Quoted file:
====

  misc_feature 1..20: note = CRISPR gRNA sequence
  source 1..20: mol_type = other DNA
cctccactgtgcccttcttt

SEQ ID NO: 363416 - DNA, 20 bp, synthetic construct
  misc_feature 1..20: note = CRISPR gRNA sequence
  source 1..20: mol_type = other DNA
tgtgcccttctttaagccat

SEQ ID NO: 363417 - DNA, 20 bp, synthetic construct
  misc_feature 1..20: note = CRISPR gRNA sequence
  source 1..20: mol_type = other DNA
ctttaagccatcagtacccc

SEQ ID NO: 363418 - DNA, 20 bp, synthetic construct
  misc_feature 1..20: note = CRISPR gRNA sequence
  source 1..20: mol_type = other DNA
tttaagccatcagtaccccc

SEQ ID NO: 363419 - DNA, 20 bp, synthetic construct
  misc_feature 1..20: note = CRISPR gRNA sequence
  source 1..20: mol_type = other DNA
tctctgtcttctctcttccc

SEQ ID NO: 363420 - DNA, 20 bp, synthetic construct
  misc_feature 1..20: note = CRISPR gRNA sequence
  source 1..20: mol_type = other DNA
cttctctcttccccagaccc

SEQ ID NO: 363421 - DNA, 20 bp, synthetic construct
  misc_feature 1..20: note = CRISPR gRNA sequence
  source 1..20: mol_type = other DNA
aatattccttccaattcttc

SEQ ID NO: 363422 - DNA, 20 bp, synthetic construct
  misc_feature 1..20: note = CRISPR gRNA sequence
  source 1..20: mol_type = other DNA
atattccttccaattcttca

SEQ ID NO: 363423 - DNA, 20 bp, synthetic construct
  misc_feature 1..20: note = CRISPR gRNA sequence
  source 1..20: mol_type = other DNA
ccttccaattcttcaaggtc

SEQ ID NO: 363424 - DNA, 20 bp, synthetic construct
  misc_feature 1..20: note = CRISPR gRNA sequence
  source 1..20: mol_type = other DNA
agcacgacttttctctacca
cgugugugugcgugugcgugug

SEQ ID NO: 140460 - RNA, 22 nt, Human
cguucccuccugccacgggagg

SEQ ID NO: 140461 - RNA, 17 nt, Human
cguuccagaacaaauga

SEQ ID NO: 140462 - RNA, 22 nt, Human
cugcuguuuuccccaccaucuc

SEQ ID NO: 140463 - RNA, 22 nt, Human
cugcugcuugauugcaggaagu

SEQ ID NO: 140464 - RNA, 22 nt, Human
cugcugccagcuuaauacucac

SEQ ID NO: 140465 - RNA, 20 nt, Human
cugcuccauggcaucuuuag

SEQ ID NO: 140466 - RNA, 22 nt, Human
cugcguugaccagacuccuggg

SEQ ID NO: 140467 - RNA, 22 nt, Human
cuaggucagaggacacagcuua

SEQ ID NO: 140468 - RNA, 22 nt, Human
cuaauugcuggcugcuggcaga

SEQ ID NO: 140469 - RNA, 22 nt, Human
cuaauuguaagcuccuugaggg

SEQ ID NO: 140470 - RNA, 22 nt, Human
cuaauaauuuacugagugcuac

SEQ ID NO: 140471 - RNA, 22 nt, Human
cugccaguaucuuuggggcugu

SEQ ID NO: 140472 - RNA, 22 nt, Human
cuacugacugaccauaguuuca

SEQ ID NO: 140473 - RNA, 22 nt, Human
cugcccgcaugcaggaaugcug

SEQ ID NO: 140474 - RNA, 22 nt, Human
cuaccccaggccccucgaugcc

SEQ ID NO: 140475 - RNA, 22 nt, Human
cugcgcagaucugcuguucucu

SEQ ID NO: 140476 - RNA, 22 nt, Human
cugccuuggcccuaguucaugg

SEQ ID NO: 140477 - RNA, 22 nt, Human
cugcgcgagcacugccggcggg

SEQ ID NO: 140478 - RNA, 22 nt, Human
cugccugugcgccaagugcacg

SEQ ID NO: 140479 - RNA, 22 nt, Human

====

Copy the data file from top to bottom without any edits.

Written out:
  misc_feature 1..20: note = CRISPR gRNA sequence
  source 1..20: mol_type = other DNA
cctccactgtgcccttcttt

SEQ ID NO: 363416 - DNA, 20 bp, synthetic construct
  misc_feature 1..20: note = CRISPR gRNA sequence
  source 1..20: mol_type = other DNA
tgtgcccttctttaagccat

SEQ ID NO: 363417 - DNA, 20 bp, synthetic construct
  misc_feature 1..20: note = CRISPR gRNA sequence
  source 1..20: mol_type = other DNA
ctttaagccatcagtacccc

SEQ ID NO: 363418 - DNA, 20 bp, synthetic construct
  misc_feature 1..20: note = CRISPR gRNA sequence
  source 1..20: mol_type = other DNA
tttaagccatcagtaccccc

SEQ ID NO: 363419 - DNA, 20 bp, synthetic construct
  misc_feature 1..20: note = CRISPR gRNA sequence
  source 1..20: mol_type = other DNA
tctctgtcttctctcttccc

SEQ ID NO: 363420 - DNA, 20 bp, synthetic construct
  misc_feature 1..20: note = CRISPR gRNA sequence
  source 1..20: mol_type = other DNA
cttctctcttccccagaccc

SEQ ID NO: 363421 - DNA, 20 bp, synthetic construct
  misc_feature 1..20: note = CRISPR gRNA sequence
  source 1..20: mol_type = other DNA
aatattccttccaattcttc

SEQ ID NO: 363422 - DNA, 20 bp, synthetic construct
  misc_feature 1..20: note = CRISPR gRNA sequence
  source 1..20: mol_type = other DNA
atattccttccaattcttca

SEQ ID NO: 363423 - DNA, 20 bp, synthetic construct
  misc_feature 1..20: note = CRISPR gRNA sequence
  source 1..20: mol_type = other DNA
ccttccaattcttcaaggtc

SEQ ID NO: 363424 - DNA, 20 bp, synthetic construct
  misc_feature 1..20: note = CRISPR gRNA sequence
  source 1..20: mol_type = other DNA
agcacgacttttctctacca
cgugugugugcgugugcgugug

SEQ ID NO: 140460 - RNA, 22 nt, Human
cguucccuccugccacgggagg

SEQ ID NO: 140461 - RNA, 17 nt, Human
cguuccagaacaaauga

SEQ ID NO: 140462 - RNA, 22 nt, Human
cugcuguuuuccccaccaucuc

SEQ ID NO: 140463 - RNA, 22 nt, Human
cugcugcuugauugcaggaagu

SEQ ID NO: 140464 - RNA, 22 nt, Human
cugcugccagcuuaauacucac

SEQ ID NO: 140465 - RNA, 20 nt, Human
cugcuccauggcaucuuuag

SEQ ID NO: 140466 - RNA, 22 nt, Human
cugcguugaccagacuccuggg

SEQ ID NO: 140467 - RNA, 22 nt, Human
cuaggucagaggacacagcuua

SEQ ID NO: 140468 - RNA, 22 nt, Human
cuaauugcuggcugcuggcaga

SEQ ID NO: 140469 - RNA, 22 nt, Human
cuaauuguaagcuccuugaggg

SEQ ID NO: 140470 - RNA, 22 nt, Human
cuaauaauuuacugagugcuac

SEQ ID NO: 140471 - RNA, 22 nt, Human
cugccaguaucuuuggggcugu

SEQ ID NO: 140472 - RNA, 22 nt, Human
cuacugacugaccauaguuuca

SEQ ID NO: 140473 - RNA, 22 nt, Human
cugcccgcaugcaggaaugcug

SEQ ID NO: 140474 - RNA, 22 nt, Human
cuaccccaggccccucgaugcc

SEQ ID NO: 140475 - RNA, 22 nt, Human
cugcgcagaucugcuguucucu

SEQ ID NO: 140476 - RNA, 22 nt, Human
cugccuuggcccuaguucaugg

SEQ ID NO: 140477 - RNA, 22 nt, Human
cugcgcgagcacugccggcggg

SEQ ID NO: 140478 - RNA, 22 nt, Human
cugccugugcgccaagugcacg

SEQ ID NO: 140479 - RNA, 22 nt, Human